"Mr. Oxley is a very dedicated legislator and takes great care to distinguish between his legislative responsibilities and his political responsibilities," the spokeswoman for Oxley's political action committee said in a statement.

Oxley refused to answer questions about the matter on Friday

Asked about such a large number of fund-raisers for lawmakers in a position to help Freddie Mac, Delk's Washington lawyer, Jan Baran, said, "The law doesn't regulate appearances. You're asking me a political question."

Freddie Mac said it had nothing to do with the fund-raisers but acknowledged Delk's off-hours activities are helpful. "I'm not trying to say that Mitch's connections do not benefit the company; certainly that's not the case," Freddie Mac spokeswoman Sharon McHale said.

Delk and his wife paid and hosted all but one of the fund-raisers, held at a well-known Washington restaurant. The couple typically paid between $500 and $1,000 to throw each event.

"Mr. Delk on his own time and at his own expense contributes to candidates of his choice. Freddie Mac never paid or reimbursed any contribution or restaurant bill on Mr. Delk's behalf," Baran said.

"All of these activities have been conducted in full compliance with applicable laws. All donations were reported to the candidates who in turn had the obligation to disclose the contributions on reports to the Federal Election Commission," Baran added.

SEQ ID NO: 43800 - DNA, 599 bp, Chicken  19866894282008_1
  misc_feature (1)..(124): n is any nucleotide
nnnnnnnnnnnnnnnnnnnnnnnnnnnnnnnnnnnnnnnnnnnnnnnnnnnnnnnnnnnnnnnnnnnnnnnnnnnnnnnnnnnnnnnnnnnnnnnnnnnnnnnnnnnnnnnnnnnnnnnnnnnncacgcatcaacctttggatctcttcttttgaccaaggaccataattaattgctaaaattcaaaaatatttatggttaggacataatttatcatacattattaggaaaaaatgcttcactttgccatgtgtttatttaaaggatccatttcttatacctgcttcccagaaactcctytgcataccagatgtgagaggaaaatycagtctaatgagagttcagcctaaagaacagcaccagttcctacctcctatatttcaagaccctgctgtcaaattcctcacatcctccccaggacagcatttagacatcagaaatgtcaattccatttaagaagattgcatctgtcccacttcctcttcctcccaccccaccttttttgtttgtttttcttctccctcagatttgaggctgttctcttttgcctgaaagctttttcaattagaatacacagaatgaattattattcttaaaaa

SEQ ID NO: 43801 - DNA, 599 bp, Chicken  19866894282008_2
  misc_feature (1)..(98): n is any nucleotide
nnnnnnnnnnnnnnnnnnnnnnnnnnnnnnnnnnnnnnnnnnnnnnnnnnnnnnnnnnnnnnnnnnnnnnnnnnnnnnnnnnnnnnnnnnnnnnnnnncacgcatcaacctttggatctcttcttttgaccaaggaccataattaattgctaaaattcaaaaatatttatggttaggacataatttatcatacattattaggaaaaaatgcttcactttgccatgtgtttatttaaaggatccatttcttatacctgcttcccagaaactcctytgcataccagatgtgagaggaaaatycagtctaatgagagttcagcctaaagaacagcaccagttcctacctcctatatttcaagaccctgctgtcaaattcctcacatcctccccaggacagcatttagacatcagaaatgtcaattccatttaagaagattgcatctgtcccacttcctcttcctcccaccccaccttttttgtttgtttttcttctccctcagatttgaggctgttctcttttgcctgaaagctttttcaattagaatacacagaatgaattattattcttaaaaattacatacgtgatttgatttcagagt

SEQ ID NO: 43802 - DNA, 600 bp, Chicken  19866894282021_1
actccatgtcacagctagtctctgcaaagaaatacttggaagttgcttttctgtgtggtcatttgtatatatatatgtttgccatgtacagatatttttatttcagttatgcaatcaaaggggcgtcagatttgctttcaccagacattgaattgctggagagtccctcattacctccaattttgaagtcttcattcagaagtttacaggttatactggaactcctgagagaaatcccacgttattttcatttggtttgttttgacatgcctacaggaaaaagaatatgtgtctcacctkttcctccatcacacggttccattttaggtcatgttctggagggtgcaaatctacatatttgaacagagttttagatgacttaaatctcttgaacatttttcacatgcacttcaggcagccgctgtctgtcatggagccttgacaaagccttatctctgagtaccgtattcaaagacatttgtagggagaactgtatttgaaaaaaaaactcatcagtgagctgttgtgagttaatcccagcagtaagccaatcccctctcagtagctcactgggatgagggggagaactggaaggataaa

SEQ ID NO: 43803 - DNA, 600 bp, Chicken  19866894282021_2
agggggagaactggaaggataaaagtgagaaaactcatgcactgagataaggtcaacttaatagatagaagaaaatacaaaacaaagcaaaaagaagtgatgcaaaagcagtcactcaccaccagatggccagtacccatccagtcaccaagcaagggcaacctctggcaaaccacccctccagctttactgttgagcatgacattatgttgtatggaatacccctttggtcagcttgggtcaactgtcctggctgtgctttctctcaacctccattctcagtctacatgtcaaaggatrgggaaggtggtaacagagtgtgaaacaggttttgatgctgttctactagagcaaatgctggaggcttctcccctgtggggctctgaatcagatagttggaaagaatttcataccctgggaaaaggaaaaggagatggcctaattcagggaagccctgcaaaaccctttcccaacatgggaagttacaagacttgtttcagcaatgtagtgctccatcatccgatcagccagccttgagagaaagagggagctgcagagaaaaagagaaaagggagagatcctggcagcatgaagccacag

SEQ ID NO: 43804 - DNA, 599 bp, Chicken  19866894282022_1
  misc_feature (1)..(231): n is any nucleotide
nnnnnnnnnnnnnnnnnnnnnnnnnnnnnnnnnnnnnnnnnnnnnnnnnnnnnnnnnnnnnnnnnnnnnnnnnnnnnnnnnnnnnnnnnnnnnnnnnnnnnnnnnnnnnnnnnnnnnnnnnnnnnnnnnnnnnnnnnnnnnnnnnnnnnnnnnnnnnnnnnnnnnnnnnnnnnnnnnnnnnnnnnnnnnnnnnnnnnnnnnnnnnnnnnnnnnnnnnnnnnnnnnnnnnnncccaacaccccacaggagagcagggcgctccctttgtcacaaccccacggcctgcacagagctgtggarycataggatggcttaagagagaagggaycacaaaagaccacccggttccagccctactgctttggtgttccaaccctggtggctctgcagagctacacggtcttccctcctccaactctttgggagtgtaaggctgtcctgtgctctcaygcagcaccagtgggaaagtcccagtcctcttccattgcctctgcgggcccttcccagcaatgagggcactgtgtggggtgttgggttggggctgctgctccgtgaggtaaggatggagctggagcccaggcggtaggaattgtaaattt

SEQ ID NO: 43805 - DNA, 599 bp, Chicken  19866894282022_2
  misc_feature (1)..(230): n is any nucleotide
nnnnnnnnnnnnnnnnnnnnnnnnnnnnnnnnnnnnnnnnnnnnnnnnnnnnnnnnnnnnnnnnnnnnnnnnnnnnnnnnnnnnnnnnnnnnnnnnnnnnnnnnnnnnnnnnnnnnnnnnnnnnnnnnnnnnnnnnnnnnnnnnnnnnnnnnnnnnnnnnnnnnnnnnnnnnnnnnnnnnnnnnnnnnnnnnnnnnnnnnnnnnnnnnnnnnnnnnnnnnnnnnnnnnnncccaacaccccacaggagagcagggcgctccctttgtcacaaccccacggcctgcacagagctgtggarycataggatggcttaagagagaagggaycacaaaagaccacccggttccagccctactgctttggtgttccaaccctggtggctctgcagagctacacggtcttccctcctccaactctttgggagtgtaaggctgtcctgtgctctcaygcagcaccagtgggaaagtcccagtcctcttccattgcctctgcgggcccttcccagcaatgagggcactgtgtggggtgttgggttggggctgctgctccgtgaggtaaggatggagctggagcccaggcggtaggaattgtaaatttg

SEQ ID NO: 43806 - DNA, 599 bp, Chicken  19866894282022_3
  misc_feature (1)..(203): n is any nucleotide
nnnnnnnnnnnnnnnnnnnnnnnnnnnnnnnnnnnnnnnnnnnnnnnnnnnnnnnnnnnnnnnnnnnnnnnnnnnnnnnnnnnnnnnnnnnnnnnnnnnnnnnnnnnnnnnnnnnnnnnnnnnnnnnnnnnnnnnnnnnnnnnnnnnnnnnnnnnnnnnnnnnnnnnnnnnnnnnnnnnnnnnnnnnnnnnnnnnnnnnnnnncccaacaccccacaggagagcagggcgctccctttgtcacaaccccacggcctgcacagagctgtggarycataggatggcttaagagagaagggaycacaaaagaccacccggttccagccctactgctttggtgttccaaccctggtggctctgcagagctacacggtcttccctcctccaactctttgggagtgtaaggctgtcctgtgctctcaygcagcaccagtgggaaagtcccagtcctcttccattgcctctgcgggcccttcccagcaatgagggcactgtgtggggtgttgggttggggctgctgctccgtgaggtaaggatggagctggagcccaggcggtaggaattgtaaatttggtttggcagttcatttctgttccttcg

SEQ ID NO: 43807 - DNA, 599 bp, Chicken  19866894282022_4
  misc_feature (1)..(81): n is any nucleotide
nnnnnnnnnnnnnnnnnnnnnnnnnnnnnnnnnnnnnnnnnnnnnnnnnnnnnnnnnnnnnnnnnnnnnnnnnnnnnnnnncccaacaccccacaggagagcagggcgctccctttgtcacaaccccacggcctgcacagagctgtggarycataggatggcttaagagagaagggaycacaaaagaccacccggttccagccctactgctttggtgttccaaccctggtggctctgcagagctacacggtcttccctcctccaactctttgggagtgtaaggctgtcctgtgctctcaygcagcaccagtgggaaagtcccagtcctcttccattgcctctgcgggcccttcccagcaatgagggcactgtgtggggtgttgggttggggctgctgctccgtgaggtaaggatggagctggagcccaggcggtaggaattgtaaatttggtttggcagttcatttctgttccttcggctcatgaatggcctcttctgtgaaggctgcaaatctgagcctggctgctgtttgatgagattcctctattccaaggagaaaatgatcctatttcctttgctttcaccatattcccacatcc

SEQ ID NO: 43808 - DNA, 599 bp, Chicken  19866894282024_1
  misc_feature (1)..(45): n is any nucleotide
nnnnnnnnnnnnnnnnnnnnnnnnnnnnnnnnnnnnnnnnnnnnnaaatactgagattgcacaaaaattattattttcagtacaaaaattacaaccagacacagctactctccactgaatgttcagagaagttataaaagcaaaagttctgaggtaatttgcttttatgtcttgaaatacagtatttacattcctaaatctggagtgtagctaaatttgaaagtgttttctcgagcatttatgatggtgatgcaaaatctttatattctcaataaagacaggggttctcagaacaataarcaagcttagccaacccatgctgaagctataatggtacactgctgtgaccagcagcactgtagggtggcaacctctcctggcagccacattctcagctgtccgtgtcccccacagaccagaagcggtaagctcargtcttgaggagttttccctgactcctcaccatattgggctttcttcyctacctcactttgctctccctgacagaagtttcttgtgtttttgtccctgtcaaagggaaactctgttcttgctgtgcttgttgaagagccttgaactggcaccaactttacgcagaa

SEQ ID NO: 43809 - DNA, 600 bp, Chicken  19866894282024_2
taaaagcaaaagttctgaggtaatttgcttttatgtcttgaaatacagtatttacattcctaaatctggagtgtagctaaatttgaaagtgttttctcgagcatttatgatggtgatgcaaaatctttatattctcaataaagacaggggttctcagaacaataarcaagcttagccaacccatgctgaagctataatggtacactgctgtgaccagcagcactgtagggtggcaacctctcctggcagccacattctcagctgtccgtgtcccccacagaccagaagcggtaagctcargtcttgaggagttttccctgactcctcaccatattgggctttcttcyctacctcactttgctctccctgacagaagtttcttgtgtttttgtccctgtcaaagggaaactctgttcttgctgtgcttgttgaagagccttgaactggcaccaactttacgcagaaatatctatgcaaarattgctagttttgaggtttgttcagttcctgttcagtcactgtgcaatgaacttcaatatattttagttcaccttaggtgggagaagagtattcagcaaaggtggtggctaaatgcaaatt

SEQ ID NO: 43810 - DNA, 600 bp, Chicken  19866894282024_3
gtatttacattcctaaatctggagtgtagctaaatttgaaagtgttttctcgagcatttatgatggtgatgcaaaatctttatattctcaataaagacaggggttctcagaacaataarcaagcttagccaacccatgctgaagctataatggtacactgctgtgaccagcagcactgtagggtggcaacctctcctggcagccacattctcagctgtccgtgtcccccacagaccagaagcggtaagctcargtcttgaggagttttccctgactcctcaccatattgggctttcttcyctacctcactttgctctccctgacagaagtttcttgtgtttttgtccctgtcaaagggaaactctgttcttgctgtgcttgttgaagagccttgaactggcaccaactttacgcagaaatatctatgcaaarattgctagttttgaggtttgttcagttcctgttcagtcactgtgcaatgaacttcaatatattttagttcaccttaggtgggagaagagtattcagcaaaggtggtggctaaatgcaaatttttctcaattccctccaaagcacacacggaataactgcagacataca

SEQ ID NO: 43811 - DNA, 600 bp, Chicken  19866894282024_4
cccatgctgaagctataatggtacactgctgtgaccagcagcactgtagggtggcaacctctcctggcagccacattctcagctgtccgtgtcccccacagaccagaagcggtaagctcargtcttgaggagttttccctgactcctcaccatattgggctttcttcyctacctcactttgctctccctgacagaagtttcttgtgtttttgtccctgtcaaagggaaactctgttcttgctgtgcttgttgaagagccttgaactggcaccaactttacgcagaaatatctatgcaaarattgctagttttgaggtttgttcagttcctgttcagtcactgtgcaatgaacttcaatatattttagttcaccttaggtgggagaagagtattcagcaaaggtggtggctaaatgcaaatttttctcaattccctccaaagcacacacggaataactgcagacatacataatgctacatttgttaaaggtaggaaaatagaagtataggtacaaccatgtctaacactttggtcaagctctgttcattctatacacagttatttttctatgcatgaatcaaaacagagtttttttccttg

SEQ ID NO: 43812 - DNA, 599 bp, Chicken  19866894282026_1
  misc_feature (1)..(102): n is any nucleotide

According to the list removed from the Internet, Delk hosted two events that raised money for Oxley's PAC. That was in addition to the 19 events in which Delk used Oxley, the committee chairman, as the featured guest.

Thirty of Delk's 50 events were for members of House and Senate committees overseeing Freddie Mac.

Shortly after taking over the committee chairmanship in 2001, Oxley said that "a number of concerns have been raised" about Freddie Mac and its larger competitor, Fannie Mae, including "the adequacy of their supervision, the nature of their mission and the risk they could pose to the financial system in the event of a downturn."

Little more than a month later, Oxley began appearing as a special guest at Delk's fund-raisers. Subsequently, Oxley said little about Freddie Mac, until a management shake-up at the corporation last month.

Delk is the corporation's senior vice president for government relations. His attorney said the lobbyist does not know how much money flowed to congressional candidates from Delk's 50 fund-raisers. He described the role of House and Senate leaders in the events as that of "invited guests."

"Of course some of the events were for their own campaigns or committees and naturally they participated," Baran said. But he said Delk had no quota from GOP leaders on how much money he should raise.

Following the June shake-up at Freddie Mac, Delk contacted Julie Wadler of the fund-raising firm Epiphany Productions and told her to cancel upcoming events. Wadler said her company inadvertently deleted all references to Delk's past fund-raisers from the firm's Internet site at the same time it deleted Delk's schedule.

Contributing: Marcy Gordon.